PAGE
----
After setting up shop in a large rental home with Rickie Fowler, Justin Thomas, Jason Dufner and Zach Johnson, where a lot of gin rummy and snooker was played, Spieth and Greller started drawing up the blueprint to master Birkdale and the vagaries of links golf.

Through three rounds Spieth did what he had to do — he went low when conditions were ripe for scoring — shooting 65s in the first and third rounds. And he survived when conditions were horrendous — a 69 in the second round.

And then he started going sideways in the final round. That’s when Greller got into his ear on the tee box of the seventh hole.

“Michael did a great thing today,” Spieth said. “He said, ‘Do you remember that group you were with in Cabo last week? You’re that caliber of an athlete. But I need you to believe that right now because you’re in a great position in this tournament. This is a new tournament. We’re starting over here.’ …

“And I definitely thought about what he was saying while I was over some of those key 3- to 4-footers that I made on 7, 8, 11 and 12. Those 3-footers were 10-footers to me. And all of a sudden the lid came off. And the 30-footers were 2-footers to me.”

After the bogey on 13, which Greller said was the greatest bogey his boss ever made “by a mile,” Spieth nearly made an ace on 14, made eagle from 40 feet on 15, dropped a 25-footer for birdie on the 16th, then matched Kuchar’s birdie on the 17th from 10 feet.

“He’s hurt a lot since that ’16 Masters,” Greller said. “And I’m sure somewhere in there some doubts had crept in. He just said, ‘You know what? I know how to do this.’ It was just cool to see him with his back against the wall. To see what he did just shows his character and his grit.”

Johnson, the 2015 Open champion, was among many friends waiting for Spieth behind the 18th hole. He, too, was amazed at what Spieth did.

“Words fail me,” Johnson said. “I can’t fathom it. Those are the intangibles, and the things I just don’t understand. I’m not suggesting I can’t do it.

“He just does it all the time.”

Legend NFL Warren Sapp Donates His Brain to Science

Warren Sapp, the Hall of Fame defensive tackle who retired from the NFL in 2008 following 13 seasons with the Tampa Bay Buccaneers and Oakland Raiders, announced on Tuesday that he will donate his brain to science after his death.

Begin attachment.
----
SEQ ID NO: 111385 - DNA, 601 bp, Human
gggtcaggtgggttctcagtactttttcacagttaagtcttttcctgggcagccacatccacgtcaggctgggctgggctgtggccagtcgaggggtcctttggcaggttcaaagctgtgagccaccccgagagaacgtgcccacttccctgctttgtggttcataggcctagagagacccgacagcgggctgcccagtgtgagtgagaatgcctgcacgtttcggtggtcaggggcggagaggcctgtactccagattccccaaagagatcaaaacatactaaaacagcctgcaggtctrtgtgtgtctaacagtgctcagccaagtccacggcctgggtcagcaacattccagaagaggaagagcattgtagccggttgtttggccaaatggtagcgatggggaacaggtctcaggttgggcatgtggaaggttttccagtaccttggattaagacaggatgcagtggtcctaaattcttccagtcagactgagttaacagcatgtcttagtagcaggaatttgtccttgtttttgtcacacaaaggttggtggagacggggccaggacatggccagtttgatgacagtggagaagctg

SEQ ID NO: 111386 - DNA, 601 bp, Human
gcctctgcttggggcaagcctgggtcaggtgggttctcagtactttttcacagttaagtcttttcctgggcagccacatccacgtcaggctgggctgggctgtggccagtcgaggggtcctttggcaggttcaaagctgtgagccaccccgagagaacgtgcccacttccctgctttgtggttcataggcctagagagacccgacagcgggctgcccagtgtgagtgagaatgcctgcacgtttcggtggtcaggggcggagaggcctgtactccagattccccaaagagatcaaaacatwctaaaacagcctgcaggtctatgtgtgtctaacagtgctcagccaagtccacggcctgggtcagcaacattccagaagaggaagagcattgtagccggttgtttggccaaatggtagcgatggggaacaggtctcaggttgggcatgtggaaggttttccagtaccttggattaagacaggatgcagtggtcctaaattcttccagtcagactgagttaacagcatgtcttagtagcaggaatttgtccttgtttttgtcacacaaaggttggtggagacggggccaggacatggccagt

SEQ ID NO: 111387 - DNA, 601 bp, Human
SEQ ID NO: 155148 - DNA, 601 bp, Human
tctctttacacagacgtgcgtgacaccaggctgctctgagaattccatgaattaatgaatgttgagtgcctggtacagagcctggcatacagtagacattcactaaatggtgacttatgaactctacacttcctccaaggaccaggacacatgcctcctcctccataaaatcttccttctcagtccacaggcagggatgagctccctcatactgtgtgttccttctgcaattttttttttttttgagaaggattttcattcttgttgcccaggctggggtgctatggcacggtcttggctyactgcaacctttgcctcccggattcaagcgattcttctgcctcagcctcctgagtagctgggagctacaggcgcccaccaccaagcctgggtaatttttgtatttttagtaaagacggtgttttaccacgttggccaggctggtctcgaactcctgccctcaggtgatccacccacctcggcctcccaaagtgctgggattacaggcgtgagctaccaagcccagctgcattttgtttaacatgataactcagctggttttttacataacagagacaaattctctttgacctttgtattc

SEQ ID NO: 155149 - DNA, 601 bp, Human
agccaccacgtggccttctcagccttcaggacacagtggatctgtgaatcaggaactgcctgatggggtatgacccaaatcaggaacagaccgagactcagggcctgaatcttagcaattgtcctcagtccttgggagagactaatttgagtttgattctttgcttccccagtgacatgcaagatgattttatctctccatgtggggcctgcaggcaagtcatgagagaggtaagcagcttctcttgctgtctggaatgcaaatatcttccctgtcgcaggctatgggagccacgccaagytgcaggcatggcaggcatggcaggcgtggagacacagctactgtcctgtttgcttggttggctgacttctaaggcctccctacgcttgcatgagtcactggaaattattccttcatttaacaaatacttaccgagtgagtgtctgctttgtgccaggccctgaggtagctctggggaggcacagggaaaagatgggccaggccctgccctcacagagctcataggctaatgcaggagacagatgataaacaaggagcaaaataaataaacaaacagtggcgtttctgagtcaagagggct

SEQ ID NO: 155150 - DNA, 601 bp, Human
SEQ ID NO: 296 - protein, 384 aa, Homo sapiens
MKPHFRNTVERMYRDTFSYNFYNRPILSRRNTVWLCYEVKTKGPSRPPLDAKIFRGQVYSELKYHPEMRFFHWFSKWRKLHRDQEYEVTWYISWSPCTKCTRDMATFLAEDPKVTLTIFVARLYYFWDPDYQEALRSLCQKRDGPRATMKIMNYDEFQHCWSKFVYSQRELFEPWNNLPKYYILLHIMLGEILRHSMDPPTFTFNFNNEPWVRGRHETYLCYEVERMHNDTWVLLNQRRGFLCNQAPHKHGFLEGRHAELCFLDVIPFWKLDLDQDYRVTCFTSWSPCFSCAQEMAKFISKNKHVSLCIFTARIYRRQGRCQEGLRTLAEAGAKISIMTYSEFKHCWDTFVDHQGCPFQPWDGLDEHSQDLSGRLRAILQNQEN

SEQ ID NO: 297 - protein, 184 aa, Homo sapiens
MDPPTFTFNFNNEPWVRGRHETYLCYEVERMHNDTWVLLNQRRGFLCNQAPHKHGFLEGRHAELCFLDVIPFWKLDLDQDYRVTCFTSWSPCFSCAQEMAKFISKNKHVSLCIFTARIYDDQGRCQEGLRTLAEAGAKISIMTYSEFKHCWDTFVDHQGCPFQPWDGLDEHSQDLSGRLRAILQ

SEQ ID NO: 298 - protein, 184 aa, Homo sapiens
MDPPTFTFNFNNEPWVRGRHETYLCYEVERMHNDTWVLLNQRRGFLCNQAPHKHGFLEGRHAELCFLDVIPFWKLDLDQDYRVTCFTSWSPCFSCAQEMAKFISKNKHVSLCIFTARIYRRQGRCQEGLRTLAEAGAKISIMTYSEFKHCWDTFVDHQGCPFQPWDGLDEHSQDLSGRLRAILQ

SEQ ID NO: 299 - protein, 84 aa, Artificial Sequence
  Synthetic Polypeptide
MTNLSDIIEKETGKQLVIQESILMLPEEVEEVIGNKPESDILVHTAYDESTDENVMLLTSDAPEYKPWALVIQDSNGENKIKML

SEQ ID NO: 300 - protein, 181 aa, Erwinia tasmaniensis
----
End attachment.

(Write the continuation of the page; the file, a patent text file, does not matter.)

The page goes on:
In a letter and video for The Players’ Tribune, Sapp explained that an email from Fred Willis, who eventually left the NFL because of repeated concussions, convinced him to donate his brain to the Concussion Legacy Foundation. The foundation was founded in 2007and is “dedicated to advancing the study, treatment and prevention of the effects of brain trauma in athletes and other at-risk groups.” Sapp said he wanted football to be in a better place when he left than we he got into it and that quotes from NFL owners downplaying the impact of concussions motivated him to take action.

“We play in a macho league and we’re talking about Hall-of-Famers now who are immortalized forever,” Sapp said. “Made busts and everything – legends of the game. There’s no way any of us want to really admit that we can’t remember how to get home or a grocery list that the wife has given us or how to go pick up our kids to the school, or whatever it may be.”

“You try to ‘Alright, I’m gonna get a little more sleep. Maybe it’s something I did last night, maybe something I drank’ or whatever it is,” Sapp continued. “You try to find a reason that it’s not ‘It’s my brain.’ That I’m not deteriorating right before my own eyes. It’s the most frightening feeling, but it’s also a very weakening feeling because you feel like a child. I need help. I need somebody to help me find something that I could’ve found with my eyes closed, in the dead of night, half asleep.”

Sapp also admitted that he “just can’t remember anymore like I used to,” which is why he relies on his phone to remind himself of what he needs to do throughout the day. Football is better and safer than it used to be, he says, but it’s now a matter of making the game safer for everyone involved from the youth to high schoolers to future NFL players.